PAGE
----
Thailand offers the most attractive online advertising environment in Southeast Asia, according to data published in a new report by the technology and data company Integral Ad Science (IAS).
The paper reveals not only that the 'Land of Smiles' is not only the least risky country in the region for both display and video advertising but also that its display ads achieve the highest rates of viewability and its video ads the second highest.
At the other end of the scale, Indonesia is currently the least safe country in the region for brands to place video ads, while Malaysia presents the least safe environment for display ads. Malaysia is also the only country in the report to rank below the global and US averages for both display and video ad viewability.
IAS’s H2 Media Quality Report, which collected data from six Southeast Asia countries (Indonesia, Malaysia, the Philippines, Singapore, Thailand and Vietnam) in the second half of 2016, is the first of its kind for the region and comes during a week when Google announced new collaborations with accredited third party firms—one of which is IAS—to better manage brand safety on YouTube following recent cases in which high-profile brands saw their ads appear alongside extremist videos.
The data in the H2 report was based on analysis of 20 billion ad impressions across 75 advertisers in SEA, with the ‘brand risk’ measurement calculated according to how often ads appeared alongside content that might pose a risk to the brand’s safety. IAS groups this content into seven categories or “buckets”, as IAS managing director Niall Hogan refers to them: adult content, alcohol content, hate speech, illegal downloads, illegal drugs, offensive language and violence.
Just 1.6 percent of display ads and 2.2 percent of video ads in Thailand appeared on such unsafe websites. Hogan speculates that this is a result of higher state control in the country, meaning that content is censored more thoroughly than in other places. In Malaysia, for instance, the level of brand risk for display ads jumps to 6.7 percent.
Indonesia and Vietnam perform significantly worse than the other countries in terms of video ad safety, meanwhile, with brand risk ratings of 15.3 percent and 13.2 percent, respectively, putting both countries significantly above the global average of 8.9 percent.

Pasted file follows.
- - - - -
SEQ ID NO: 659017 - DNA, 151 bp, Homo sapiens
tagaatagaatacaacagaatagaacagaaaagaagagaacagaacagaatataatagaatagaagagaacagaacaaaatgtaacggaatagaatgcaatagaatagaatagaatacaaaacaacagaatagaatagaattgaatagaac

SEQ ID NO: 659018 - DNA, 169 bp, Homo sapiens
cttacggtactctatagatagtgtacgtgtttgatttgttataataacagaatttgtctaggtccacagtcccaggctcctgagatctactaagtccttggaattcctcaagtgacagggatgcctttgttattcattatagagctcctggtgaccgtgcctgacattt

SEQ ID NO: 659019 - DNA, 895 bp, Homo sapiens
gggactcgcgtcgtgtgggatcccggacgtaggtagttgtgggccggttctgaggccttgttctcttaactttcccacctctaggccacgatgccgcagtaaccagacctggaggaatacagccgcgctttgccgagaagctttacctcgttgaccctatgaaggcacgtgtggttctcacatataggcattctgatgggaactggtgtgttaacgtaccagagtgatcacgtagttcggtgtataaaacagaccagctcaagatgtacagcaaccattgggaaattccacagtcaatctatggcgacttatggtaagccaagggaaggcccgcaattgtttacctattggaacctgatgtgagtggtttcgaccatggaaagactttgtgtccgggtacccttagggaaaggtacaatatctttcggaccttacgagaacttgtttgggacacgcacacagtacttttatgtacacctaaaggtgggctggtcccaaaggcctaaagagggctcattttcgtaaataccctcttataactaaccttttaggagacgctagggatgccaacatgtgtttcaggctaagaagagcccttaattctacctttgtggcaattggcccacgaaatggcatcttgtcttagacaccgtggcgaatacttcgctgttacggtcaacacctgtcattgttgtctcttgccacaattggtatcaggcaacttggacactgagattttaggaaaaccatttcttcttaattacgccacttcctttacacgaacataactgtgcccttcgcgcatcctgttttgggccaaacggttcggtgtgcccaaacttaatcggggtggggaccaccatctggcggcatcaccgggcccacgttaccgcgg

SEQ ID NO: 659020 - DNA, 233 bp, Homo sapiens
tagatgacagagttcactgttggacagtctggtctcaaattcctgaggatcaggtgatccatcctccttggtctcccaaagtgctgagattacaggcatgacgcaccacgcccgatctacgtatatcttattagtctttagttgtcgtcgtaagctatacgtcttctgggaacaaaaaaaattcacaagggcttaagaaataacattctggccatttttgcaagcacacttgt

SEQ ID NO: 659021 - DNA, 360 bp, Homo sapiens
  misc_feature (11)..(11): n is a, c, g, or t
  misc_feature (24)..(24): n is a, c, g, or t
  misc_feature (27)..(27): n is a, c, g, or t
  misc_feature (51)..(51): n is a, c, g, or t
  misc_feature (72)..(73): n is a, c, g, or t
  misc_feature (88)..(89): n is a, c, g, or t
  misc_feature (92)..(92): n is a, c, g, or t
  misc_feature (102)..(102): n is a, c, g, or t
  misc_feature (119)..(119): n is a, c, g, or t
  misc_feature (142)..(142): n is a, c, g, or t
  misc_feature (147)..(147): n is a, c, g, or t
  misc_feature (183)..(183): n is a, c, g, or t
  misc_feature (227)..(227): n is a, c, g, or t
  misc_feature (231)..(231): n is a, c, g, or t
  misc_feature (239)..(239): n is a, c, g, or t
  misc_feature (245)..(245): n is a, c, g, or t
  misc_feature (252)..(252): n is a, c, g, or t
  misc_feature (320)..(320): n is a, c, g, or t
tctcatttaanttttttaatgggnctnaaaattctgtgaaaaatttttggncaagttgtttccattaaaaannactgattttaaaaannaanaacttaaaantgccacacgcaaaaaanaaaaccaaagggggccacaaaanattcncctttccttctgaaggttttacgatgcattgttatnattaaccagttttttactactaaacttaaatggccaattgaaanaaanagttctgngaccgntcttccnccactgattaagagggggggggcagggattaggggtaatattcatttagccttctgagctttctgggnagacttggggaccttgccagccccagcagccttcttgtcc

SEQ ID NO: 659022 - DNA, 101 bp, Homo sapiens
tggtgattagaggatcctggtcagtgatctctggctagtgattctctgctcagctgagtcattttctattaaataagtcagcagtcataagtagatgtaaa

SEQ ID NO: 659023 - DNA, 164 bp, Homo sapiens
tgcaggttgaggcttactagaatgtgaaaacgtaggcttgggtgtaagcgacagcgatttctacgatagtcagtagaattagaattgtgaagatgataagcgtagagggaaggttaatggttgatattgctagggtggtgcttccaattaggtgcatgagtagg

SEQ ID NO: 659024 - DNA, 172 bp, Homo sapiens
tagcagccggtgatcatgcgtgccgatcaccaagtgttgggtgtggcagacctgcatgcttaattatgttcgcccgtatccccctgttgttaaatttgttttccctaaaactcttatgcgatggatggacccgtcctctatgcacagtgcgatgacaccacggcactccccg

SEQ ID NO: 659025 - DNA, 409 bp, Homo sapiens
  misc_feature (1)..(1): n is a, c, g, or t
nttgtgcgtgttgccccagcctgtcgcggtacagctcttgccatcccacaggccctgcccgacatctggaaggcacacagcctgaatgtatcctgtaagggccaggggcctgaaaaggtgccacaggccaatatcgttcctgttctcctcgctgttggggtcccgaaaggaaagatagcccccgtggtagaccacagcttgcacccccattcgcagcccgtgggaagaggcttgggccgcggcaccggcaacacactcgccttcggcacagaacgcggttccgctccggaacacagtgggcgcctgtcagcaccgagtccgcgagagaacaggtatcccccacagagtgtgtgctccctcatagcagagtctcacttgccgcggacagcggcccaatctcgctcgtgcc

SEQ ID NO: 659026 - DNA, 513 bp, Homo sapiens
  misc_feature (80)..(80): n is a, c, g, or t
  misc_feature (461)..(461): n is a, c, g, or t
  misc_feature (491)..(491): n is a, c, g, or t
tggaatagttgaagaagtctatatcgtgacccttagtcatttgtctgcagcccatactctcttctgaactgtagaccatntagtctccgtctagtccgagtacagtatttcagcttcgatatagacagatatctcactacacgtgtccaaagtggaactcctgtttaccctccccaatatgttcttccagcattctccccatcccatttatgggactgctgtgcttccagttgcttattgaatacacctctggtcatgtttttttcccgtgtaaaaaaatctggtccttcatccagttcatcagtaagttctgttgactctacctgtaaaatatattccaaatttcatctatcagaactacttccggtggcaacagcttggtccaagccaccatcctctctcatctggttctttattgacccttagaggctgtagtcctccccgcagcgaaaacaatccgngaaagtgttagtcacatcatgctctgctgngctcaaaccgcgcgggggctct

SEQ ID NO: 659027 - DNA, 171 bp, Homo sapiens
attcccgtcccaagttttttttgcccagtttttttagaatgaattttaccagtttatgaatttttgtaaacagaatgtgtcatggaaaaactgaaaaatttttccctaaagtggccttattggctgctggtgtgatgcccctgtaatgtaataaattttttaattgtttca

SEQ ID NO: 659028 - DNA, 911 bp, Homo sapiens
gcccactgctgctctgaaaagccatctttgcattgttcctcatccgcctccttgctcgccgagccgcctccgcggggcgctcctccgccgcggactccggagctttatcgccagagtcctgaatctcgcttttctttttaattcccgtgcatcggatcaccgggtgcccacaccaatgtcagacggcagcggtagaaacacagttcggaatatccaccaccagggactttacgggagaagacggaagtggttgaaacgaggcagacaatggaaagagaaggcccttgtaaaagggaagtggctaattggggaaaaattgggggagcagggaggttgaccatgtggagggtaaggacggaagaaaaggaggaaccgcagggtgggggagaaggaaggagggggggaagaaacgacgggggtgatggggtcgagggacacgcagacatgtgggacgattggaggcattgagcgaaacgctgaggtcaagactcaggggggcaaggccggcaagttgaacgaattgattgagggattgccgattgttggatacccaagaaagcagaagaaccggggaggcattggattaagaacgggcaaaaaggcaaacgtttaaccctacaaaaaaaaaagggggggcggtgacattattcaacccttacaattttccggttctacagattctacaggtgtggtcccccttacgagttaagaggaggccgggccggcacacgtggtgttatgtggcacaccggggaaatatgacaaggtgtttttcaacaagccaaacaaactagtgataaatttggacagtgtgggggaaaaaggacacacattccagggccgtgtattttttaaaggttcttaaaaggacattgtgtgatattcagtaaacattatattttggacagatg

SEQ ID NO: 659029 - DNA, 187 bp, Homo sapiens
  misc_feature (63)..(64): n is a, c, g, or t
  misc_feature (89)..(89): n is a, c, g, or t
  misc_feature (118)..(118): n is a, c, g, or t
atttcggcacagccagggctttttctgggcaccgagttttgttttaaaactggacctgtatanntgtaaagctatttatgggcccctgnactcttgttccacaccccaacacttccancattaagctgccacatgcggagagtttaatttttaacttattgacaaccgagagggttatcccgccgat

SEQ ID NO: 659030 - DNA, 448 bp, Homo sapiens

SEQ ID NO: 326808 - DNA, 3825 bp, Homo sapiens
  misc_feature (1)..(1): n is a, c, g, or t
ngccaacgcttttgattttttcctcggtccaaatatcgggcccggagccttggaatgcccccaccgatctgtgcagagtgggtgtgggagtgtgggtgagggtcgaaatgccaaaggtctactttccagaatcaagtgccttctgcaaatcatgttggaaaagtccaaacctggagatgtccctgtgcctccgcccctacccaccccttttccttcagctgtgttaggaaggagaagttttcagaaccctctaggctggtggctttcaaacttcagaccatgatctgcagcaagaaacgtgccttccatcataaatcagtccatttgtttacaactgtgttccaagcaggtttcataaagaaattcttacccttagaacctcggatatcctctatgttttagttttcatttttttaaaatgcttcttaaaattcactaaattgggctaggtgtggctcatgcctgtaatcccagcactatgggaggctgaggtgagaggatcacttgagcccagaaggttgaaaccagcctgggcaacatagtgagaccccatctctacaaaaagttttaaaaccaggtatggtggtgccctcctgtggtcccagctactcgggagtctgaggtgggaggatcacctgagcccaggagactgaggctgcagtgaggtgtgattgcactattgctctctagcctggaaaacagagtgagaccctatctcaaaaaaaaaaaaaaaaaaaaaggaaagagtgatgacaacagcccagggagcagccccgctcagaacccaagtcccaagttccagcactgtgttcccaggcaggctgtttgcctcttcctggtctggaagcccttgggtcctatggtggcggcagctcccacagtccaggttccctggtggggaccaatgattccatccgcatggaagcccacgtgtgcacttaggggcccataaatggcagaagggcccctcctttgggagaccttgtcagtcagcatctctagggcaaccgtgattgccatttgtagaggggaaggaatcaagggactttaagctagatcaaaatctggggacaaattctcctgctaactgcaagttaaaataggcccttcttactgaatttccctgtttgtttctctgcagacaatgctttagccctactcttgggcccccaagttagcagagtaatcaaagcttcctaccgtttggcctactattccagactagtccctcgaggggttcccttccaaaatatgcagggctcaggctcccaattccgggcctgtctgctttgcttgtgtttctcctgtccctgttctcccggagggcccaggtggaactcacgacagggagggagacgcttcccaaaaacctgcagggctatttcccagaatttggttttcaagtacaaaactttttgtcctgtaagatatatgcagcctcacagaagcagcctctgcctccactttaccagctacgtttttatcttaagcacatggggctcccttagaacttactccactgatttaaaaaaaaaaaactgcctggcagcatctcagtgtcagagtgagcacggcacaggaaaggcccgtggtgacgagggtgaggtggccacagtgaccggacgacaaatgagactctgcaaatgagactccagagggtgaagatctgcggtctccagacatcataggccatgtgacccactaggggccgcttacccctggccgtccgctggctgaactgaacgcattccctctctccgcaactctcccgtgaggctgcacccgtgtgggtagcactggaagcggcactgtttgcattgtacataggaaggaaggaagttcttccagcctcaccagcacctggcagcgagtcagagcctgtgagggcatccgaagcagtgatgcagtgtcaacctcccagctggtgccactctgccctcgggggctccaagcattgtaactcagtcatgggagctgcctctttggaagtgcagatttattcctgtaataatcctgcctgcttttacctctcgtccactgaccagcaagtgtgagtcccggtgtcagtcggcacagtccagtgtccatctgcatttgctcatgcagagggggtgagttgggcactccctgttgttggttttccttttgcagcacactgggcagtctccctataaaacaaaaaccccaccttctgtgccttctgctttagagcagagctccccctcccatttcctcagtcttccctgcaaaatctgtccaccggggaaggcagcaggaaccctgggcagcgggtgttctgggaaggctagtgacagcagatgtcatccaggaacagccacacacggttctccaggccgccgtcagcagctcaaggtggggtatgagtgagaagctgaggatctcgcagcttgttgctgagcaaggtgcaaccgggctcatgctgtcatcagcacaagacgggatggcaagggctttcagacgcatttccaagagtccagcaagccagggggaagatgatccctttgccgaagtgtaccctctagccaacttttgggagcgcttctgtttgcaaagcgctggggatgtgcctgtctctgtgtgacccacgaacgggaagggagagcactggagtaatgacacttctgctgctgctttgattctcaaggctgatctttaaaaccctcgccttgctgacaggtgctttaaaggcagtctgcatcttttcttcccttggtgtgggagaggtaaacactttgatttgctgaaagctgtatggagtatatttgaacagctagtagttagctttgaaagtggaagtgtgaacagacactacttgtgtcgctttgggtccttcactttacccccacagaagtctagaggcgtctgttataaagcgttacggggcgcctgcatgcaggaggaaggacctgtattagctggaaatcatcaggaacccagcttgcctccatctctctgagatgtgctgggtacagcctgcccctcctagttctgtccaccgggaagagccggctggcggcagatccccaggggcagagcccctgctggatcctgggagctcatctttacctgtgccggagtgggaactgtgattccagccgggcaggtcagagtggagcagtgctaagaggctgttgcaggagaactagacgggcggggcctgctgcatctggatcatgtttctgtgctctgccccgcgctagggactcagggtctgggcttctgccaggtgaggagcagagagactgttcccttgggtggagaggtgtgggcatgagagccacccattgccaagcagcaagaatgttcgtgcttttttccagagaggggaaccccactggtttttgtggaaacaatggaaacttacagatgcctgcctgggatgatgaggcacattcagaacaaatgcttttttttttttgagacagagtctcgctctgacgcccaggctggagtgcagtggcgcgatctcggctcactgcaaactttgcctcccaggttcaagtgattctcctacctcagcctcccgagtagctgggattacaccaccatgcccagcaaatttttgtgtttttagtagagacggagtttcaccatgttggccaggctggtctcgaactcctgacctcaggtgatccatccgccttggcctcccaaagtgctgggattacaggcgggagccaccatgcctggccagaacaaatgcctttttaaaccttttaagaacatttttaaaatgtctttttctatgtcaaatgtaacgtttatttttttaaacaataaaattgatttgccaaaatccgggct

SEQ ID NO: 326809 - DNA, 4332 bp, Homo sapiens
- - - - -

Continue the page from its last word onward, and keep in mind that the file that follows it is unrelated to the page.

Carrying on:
Southeast Asia as a whole is unusual in terms of the kind of content that poses risks to brands most frequently, said Hogan. “If you look at anywhere else in the world, of those seven buckets, the two that are always the highest are adult content, so pornography, and violence. But SEA, funnily, is the only region we’ve seen where neither of those two are the highest bucket. It’s always illegal download sites, so websites where you can go and watch the latest Disney film or premiership football games, content that is being streamed without the permission of rightsholders.”
A starting point for every company concerned about where its brands appear, he said, should be to look at the work that the Media Ratings Council (MRC) is doing in the USA to grant accreditation to companies that can help advertisers with ad misplacement.
While the report highlights that brand safety is clearly an area that companies need to work on, and not only in this region, it also shows that the regional SEA market is something of a success story in terms of display ad viewability. Four of the six countries assessed already rank above the US average of 53 percent, suggesting an organic advantage.
To provide context, Hogan says that when Integral started assessing ad viewability in the UK four years ago, the organic score was just under 40 percent. “In the course of the last four years we’ve managed to get the UK up to around 58 percent, a little bit higher than the US, but that took a lot of effort from companies like ourselves offering our services to agencies and advertisers and publishers and sellers and everybody working really hard to improve viewability. In SEA it looks like their organic score is naturally quite high so I think it’s positive for advertisers—but if you're not achieving that naturally, then you’re way behind your peers.”
The data also shows there are big opportunities for improvement in the region in the area of video ad viewability, given that Indonesia, Malaysia, the Philippines and Singapore are currently falling short of the global average of 58.2 percent. Vietnam is the exception to this rule, with a video viewability score of 75.2 percent, which Hogan says could be explained by disproportionate investment in YouTube.
“YouTube is having lots of challenges at the moment around brand safety and these are well documented, but what not too many people are talking about is that YouTube actually delivers a very high viewability score,” he explained. “So when I’m looking at this number I'm thinking there is probably an awful lot of YouTube being bought in Vietnam compared to say Singapore, Philippines and Malaysia.”
Hogan added a cautionary note to the findings of this initial report, which IAS hopes to follow with a more detailed analysis later in the year. "I really do think that we are just at the very start of the brand-safety story or journey here in SEA. The whole thing that has happened recently with Mark Pritchard’s speech and then the YouTube news in the last two or three weeks has really heightened everybody’s attention on brand safety and more agencies and more advertisers are talking to us than ever before." More clients means more data in the pot, which also means more accurate analysis in the near future, he continued. "It wouldn't surprise me if these numbers shifted quite a bit over the next three to six months."